- Why do I have a copay charge on my bill?
- Why is my copay higher when I see your doctors?
- Why do I have a copay for a follow up visit?
- The doctor only spent a few minutes with me, why should I be charged for an office visit?
- Why can’t you just take a mole off and not send it to pathology?
- I have already had one skin cancer, what are my chances of getting another?
- How often should I have a skin examination?
- I have heard that we need sunlight to make vitamin D. Will I or my children become vitamin D deficient just because we avoid the sun and wear sunscreen daily?
- What is an actinic keratosis?
- What is a dysplastic nevus (also known as an atypical mole)?
Why do I have a copay charge on my bill?
Copays are due at the time of service. The copay charge is assessed when we have to send a statement to collect your copay that was not paid when you came in. Each statement may generate an additional charge for unpaid copays. If you always pay your copay at the time of service, you will never see this charge.
Why is my copay higher when I see your doctors?
Many insurance companies have a separate specialist copay written into their policies. In other words, they require a higher copay when you see a specialist. Although we disagree with these higher copays, we are obligated to collect the copay amount your insurance policy assigns.
Why do I have a copay for a follow up visit?
Every return visit is a follow up visit, whether it occurs in a few days, weeks or several months from the initial visit. All office visits, with the following exception, require a copay. The only time you don’t have a copay for a return visit is if you had a procedure that is in a surgical global period. If you return to the office while in a global period for unrelated concerns, you will be charged a copay.
The doctor only spent a few minutes with me, why should I be charged for an office visit?
Office visits are charged not only for the time involved, but for many other components. The doctors must pay someone to answer their phones, make the appointment, greet you when you arrive, prepare a chart and escort you to an examination room and so on. The office building and equipment is another expense that must be taken into consideration. The doctor’s visit itself may not be lengthy, but requires the doctor to exam you and make a diagnosis based on many years of education and experience. A diagnosis that is quick for one of our doctors to make, might be puzzling to another who is not skilled in dermatology. Essentially, patients request the doctor to formulate an opinion and treat their condition whether it takes just a moment or involves a longer time.
Why can’t you just take a mole off and not send it to pathology?
Although our doctors are very proficient at looking at the skin lesions and determining if they are suspicious, they cannot know for sure if a lesion is malignant without a pathological examination. The tissue must be examined to determine whether it is benign or malignant. If malignant, the examination also tells us what type of malignancy and IF it has spread. The removal of any lesion without pathological examination is not consistent with the standard of care for board certified physicians. The pathology exam is a protection for both the patient and the physician.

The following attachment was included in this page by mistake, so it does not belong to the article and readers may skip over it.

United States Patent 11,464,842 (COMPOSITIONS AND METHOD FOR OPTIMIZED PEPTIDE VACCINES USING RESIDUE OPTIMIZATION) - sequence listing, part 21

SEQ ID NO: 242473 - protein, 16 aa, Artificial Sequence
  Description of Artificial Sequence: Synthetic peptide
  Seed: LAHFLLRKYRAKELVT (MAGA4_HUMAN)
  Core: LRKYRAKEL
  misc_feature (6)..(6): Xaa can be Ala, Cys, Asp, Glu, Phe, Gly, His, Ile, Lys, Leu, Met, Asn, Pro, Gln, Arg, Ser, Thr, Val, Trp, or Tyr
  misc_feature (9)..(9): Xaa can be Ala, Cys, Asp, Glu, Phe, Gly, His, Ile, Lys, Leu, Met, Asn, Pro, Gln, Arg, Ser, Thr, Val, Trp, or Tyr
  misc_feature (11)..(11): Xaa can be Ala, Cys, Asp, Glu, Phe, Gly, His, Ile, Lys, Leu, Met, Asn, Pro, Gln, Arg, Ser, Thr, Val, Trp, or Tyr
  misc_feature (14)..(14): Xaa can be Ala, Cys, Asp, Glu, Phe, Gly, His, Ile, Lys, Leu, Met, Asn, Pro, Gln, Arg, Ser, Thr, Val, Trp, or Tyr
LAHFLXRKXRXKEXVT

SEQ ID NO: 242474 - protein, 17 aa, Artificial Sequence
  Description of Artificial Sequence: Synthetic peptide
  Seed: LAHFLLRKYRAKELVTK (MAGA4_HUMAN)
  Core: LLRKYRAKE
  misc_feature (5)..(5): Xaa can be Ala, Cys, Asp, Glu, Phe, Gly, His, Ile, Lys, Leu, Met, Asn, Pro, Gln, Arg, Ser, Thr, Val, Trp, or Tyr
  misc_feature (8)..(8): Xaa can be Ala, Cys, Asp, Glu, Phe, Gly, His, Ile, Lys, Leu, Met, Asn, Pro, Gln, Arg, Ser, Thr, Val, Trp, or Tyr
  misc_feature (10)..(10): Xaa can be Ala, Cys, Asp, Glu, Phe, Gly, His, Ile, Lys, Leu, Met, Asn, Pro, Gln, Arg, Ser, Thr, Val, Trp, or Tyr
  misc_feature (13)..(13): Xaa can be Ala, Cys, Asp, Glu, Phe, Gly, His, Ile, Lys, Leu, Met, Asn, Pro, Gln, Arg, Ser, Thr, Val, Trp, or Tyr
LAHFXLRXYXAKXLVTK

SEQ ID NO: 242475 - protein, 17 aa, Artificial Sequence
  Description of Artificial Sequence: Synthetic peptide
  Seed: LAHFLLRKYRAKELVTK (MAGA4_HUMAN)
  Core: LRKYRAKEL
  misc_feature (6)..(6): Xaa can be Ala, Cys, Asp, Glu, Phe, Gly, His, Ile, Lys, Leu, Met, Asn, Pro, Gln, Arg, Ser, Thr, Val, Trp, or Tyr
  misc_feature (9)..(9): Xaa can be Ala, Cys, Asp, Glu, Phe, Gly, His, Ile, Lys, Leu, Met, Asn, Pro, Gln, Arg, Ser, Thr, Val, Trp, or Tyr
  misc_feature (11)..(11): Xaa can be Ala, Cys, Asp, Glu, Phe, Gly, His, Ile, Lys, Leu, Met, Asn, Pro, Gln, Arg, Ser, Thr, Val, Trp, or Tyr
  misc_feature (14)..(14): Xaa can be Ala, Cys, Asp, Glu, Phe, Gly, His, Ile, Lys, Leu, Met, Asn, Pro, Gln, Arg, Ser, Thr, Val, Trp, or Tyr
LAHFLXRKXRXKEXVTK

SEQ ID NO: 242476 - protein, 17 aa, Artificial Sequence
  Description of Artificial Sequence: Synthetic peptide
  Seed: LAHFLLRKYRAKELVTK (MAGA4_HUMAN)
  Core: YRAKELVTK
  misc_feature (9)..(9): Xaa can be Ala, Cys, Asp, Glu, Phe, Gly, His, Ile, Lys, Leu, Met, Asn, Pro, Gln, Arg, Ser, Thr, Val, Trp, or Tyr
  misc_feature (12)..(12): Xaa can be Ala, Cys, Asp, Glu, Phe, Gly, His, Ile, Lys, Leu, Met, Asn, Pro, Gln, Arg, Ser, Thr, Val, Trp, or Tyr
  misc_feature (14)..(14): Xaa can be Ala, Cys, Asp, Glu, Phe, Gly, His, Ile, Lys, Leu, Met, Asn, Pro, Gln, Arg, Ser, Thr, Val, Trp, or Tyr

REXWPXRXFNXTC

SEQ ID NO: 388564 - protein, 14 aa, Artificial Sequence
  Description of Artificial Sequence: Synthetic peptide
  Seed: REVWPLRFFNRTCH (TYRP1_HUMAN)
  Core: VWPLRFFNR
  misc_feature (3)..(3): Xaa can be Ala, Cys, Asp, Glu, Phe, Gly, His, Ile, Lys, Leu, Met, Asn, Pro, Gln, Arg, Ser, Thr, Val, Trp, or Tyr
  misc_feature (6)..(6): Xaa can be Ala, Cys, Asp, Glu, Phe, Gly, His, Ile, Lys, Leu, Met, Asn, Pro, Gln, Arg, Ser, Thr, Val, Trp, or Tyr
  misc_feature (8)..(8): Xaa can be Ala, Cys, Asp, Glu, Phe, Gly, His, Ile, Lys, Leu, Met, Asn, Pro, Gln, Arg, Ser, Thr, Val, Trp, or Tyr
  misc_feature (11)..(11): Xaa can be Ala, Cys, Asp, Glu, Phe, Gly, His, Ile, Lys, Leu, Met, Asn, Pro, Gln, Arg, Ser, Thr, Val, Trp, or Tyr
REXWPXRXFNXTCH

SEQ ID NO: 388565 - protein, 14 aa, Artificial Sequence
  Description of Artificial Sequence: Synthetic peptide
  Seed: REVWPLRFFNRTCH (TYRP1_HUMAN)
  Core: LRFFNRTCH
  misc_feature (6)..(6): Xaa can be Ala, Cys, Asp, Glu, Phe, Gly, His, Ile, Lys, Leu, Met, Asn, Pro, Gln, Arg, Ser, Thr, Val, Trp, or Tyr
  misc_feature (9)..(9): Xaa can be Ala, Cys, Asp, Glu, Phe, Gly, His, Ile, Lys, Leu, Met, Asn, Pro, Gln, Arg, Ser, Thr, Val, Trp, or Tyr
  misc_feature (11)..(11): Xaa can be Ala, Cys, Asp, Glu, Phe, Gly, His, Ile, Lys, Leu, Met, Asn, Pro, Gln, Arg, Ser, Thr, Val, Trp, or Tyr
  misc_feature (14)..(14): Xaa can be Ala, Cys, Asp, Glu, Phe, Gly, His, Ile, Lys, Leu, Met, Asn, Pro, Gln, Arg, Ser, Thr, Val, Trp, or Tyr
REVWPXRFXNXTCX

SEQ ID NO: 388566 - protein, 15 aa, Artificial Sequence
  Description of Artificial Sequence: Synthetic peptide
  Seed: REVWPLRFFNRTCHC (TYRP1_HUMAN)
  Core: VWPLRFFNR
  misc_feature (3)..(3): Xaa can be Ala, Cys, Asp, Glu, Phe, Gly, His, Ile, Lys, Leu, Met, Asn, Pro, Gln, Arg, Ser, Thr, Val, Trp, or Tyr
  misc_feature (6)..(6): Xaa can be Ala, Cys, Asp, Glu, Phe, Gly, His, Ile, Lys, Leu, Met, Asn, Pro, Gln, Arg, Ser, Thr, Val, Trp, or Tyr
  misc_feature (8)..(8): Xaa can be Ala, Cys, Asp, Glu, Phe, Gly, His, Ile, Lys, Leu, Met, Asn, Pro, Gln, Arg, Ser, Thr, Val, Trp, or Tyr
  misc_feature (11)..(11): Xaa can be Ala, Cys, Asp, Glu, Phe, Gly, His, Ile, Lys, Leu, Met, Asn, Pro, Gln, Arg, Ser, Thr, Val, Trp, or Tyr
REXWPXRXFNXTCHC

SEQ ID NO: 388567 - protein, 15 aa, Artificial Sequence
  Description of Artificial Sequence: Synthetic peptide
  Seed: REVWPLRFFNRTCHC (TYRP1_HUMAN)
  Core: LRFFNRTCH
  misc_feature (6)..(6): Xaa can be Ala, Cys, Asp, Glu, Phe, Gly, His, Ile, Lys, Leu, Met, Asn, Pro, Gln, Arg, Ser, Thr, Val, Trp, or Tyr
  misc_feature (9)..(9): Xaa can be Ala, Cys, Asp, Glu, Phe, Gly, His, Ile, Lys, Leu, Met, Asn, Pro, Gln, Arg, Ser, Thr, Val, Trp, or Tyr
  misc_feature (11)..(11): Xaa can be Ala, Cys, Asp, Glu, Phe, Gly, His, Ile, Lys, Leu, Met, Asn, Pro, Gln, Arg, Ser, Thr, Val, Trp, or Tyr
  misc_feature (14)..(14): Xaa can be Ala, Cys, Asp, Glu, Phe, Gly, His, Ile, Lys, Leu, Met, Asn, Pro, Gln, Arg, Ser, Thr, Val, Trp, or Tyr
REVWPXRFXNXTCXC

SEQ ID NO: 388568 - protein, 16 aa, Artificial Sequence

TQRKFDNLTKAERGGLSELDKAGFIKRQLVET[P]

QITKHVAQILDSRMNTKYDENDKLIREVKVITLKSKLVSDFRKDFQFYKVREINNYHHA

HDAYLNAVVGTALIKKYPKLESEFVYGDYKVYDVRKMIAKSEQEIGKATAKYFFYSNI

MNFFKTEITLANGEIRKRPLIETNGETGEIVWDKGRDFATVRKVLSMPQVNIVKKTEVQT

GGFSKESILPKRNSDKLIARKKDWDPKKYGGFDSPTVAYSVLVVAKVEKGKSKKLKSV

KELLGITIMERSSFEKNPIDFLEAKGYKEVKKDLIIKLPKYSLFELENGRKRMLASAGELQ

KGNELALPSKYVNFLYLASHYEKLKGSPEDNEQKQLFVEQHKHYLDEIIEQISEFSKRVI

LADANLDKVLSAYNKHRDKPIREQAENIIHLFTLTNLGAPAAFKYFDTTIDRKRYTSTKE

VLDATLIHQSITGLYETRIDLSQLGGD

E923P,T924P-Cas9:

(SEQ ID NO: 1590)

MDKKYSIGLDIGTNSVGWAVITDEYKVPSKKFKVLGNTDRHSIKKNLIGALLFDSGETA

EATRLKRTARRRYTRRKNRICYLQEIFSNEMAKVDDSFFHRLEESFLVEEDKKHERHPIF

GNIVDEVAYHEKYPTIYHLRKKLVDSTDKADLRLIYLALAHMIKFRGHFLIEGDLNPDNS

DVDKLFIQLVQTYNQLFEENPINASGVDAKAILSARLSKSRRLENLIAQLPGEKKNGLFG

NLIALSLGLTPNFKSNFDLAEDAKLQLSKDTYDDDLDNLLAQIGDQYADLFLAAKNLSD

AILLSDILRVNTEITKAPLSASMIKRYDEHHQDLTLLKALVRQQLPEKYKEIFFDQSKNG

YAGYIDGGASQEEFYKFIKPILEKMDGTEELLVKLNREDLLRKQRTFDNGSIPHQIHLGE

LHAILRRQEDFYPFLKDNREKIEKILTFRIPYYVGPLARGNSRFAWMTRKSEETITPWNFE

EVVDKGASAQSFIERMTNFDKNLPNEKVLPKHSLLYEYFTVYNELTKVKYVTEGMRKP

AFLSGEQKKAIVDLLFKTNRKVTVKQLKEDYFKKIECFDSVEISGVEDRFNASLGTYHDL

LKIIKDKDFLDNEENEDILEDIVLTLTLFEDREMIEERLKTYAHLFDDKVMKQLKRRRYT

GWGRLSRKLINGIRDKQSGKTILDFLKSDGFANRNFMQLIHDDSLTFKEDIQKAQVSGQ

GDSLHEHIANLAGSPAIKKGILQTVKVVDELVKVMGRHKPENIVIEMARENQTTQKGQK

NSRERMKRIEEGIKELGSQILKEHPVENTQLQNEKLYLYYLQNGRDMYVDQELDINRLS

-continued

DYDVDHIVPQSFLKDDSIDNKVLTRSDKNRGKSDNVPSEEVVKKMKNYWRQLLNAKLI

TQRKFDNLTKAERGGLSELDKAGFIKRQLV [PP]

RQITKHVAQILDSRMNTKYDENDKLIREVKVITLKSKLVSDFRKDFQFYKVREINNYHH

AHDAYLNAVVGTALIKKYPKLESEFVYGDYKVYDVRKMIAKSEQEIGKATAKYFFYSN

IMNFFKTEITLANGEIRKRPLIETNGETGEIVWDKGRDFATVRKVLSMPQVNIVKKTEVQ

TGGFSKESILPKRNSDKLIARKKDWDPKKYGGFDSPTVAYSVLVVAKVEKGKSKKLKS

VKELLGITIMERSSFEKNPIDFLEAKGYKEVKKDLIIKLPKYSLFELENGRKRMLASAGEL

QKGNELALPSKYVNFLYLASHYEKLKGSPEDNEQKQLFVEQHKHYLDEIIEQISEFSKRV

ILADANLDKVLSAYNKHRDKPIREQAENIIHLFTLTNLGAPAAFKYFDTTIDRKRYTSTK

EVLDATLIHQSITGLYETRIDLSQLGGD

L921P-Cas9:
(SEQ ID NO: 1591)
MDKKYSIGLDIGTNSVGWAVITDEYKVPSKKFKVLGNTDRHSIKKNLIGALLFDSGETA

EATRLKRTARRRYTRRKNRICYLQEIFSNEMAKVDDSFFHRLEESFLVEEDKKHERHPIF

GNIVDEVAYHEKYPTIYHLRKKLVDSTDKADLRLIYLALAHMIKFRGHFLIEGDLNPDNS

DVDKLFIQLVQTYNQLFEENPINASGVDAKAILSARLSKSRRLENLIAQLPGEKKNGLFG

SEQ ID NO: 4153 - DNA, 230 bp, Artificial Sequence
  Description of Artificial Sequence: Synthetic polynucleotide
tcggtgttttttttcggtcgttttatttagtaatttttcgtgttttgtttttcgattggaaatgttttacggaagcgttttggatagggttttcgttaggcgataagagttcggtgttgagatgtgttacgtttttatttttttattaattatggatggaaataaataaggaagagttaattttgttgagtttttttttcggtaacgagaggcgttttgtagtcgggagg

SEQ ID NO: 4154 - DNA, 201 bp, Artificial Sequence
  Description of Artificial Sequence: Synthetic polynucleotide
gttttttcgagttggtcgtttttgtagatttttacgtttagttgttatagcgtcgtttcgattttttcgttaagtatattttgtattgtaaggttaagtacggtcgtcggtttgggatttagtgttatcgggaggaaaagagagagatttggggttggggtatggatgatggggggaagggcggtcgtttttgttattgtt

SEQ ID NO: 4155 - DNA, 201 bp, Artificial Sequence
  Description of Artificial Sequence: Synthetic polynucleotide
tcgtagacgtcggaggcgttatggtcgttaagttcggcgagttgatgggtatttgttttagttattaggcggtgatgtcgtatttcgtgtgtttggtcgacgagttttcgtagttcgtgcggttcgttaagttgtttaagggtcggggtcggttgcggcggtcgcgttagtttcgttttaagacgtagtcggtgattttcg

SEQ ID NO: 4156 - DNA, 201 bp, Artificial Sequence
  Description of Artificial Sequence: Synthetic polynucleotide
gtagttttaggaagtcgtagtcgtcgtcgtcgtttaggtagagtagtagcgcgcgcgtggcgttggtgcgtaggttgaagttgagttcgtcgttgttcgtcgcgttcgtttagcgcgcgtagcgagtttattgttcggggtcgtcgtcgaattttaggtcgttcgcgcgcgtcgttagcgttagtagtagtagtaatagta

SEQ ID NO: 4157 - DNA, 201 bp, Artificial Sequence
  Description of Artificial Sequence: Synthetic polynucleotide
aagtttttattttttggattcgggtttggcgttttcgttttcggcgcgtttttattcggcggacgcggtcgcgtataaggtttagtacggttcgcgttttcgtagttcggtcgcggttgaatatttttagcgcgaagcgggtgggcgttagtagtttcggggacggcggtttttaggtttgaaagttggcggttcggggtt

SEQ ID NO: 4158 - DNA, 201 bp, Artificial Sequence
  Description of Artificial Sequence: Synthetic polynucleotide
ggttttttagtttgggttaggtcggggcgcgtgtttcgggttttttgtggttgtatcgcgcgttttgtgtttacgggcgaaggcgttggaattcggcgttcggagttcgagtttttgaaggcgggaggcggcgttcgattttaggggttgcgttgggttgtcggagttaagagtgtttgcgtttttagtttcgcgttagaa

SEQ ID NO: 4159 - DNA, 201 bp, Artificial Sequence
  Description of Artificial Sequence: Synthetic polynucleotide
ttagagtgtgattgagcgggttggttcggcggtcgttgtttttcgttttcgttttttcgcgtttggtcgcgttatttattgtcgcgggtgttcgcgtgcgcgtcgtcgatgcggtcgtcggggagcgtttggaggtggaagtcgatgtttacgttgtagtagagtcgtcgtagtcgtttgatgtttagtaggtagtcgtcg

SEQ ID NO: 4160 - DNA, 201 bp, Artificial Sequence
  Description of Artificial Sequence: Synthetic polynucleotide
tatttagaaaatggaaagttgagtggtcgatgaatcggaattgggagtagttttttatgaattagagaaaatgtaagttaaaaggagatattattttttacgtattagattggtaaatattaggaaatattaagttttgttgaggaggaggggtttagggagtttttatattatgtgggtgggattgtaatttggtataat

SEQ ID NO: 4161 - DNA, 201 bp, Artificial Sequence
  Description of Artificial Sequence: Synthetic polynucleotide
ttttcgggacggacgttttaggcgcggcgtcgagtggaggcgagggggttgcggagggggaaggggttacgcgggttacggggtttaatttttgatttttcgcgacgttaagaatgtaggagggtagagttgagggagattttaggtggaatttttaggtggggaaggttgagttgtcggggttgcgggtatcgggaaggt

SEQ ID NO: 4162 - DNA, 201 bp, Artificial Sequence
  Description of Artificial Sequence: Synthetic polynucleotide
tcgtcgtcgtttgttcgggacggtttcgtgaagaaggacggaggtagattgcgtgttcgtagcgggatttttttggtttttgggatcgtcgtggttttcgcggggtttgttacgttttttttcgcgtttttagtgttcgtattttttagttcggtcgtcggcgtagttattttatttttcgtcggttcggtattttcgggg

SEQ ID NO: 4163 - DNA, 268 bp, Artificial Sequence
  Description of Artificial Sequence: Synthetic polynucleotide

I have already had one skin cancer, what are my chances of getting another?
Studies have shown that individuals who develop one skin cancer have about a 50% risk of getting another one within the next five years. Strict sun avoidance and regular follow-up visits are very important.
How often should I have a skin examination?
The answer to this question depends upon your risk for skin cancer. In general, a yearly skin examination is an important part of a good health maintenance program, but individuals at very high risk due to a personal or family history of skin cancer may need to be seen more often.
I have heard that we need sunlight to make vitamin D. Will I or my children become vitamin D deficient just because we avoid the sun and wear sunscreen daily?
In general, the answer to this question is NO. We recommend that you eat a proper diet, take a daily vitamin supplement, and minimize your ultraviolet exposure as much as possible.
What is an actinic keratosis?
An actinic keratosis looks like a reddish scaly patch most often on the face, scalp, or arms of someone with a history of significant sun exposure. It is considered a “pre-cancerous” growth. While actinic keratoses are not inherently dangerous, some of them may turn into squamous cell carcinoma if left untreated. For this reason, we routinely remove actinic keratoses as preventive therapy. Actinic keratoses can typically be removed with non-invasive measures, including liquid nitrogen therapy and topical medications, as well as with various other techniques. Get more information here.
What is a dysplastic nevus (also known as an atypical mole)?
The word ‘nevus’ refers to a mole and the terms ‘dysplastic’ and ‘atypical’ are used interchangeably. An atypical or dysplastic nevus is a mole that is biologically benign but has some of the features that are seen in melanoma. A dysplastic nevus may meet one or more of the ‘ABCD’ criteria on visual inspection, but when biopsied, its pathological features are not sufficiently developed to render a diagnosis of melanoma. An atypical nevus may or may not need to be removed depending on how worrisome its features are. Of greatest importance is that patients with a history of one or more dysplastic nevi have an increased risk of developing a melanoma. For this reason, patients with a history of one or more abnormal moles need to keep a close eye on their skin and have any new or changing moles checked. Get more information here.